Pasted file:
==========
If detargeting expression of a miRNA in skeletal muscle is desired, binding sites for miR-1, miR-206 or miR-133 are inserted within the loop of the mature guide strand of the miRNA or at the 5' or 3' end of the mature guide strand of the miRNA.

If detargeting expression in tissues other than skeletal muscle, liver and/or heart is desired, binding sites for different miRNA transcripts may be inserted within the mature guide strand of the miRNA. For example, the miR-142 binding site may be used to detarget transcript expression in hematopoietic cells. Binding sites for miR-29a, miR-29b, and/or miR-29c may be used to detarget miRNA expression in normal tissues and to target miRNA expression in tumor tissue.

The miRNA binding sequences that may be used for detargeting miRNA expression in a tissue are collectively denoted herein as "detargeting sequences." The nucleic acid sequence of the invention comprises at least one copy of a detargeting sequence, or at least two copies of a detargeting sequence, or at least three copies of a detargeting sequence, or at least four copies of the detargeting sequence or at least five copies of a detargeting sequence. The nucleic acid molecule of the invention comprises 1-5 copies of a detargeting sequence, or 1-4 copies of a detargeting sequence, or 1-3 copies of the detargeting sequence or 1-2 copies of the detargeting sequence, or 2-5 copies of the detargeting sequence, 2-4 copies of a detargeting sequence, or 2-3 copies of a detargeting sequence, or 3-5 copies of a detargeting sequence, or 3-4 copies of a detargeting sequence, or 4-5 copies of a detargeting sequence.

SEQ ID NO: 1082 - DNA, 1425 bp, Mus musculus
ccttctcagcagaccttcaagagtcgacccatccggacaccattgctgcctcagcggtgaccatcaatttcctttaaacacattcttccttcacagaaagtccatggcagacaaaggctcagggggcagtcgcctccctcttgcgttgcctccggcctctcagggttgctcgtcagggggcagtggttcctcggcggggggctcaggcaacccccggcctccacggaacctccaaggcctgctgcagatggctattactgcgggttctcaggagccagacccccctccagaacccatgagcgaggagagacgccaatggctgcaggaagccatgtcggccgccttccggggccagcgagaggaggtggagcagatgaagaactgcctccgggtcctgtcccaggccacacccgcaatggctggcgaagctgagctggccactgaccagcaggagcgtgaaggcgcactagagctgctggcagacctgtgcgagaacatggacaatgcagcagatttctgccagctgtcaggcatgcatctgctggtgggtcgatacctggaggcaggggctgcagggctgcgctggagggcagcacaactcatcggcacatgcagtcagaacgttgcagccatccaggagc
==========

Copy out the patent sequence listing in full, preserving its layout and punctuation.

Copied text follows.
If detargeting expression of a miRNA in skeletal muscle is desired, binding sites for miR-1, miR-206 or miR-133 are inserted within the loop of the mature guide strand of the miRNA or at the 5' or 3' end of the mature guide strand of the miRNA.

If detargeting expression in tissues other than skeletal muscle, liver and/or heart is desired, binding sites for different miRNA transcripts may be inserted within the mature guide strand of the miRNA. For example, the miR-142 binding site may be used to detarget transcript expression in hematopoietic cells. Binding sites for miR-29a, miR-29b, and/or miR-29c may be used to detarget miRNA expression in normal tissues and to target miRNA expression in tumor tissue.

The miRNA binding sequences that may be used for detargeting miRNA expression in a tissue are collectively denoted herein as "detargeting sequences." The nucleic acid sequence of the invention comprises at least one copy of a detargeting sequence, or at least two copies of a detargeting sequence, or at least three copies of a detargeting sequence, or at least four copies of the detargeting sequence or at least five copies of a detargeting sequence. The nucleic acid molecule of the invention comprises 1-5 copies of a detargeting sequence, or 1-4 copies of a detargeting sequence, or 1-3 copies of the detargeting sequence or 1-2 copies of the detargeting sequence, or 2-5 copies of the detargeting sequence, 2-4 copies of a detargeting sequence, or 2-3 copies of a detargeting sequence, or 3-5 copies of a detargeting sequence, or 3-4 copies of a detargeting sequence, or 4-5 copies of a detargeting sequence.

SEQ ID NO: 1082 - DNA, 1425 bp, Mus musculus
ccttctcagcagaccttcaagagtcgacccatccggacaccattgctgcctcagcggtgaccatcaatttcctttaaacacattcttccttcacagaaagtccatggcagacaaaggctcagggggcagtcgcctccctcttgcgttgcctccggcctctcagggttgctcgtcagggggcagtggttcctcggcggggggctcaggcaacccccggcctccacggaacctccaaggcctgctgcagatggctattactgcgggttctcaggagccagacccccctccagaacccatgagcgaggagagacgccaatggctgcaggaagccatgtcggccgccttccggggccagcgagaggaggtggagcagatgaagaactgcctccgggtcctgtcccaggccacacccgcaatggctggcgaagctgagctggccactgaccagcaggagcgtgaaggcgcactagagctgctggcagacctgtgcgagaacatggacaatgcagcagatttctgccagctgtcaggcatgcatctgctggtgggtcgatacctggaggcaggggctgcagggctgcgctggagggcagcacaactcatcggcacatgcagtcagaacgttgcagccatccaggagc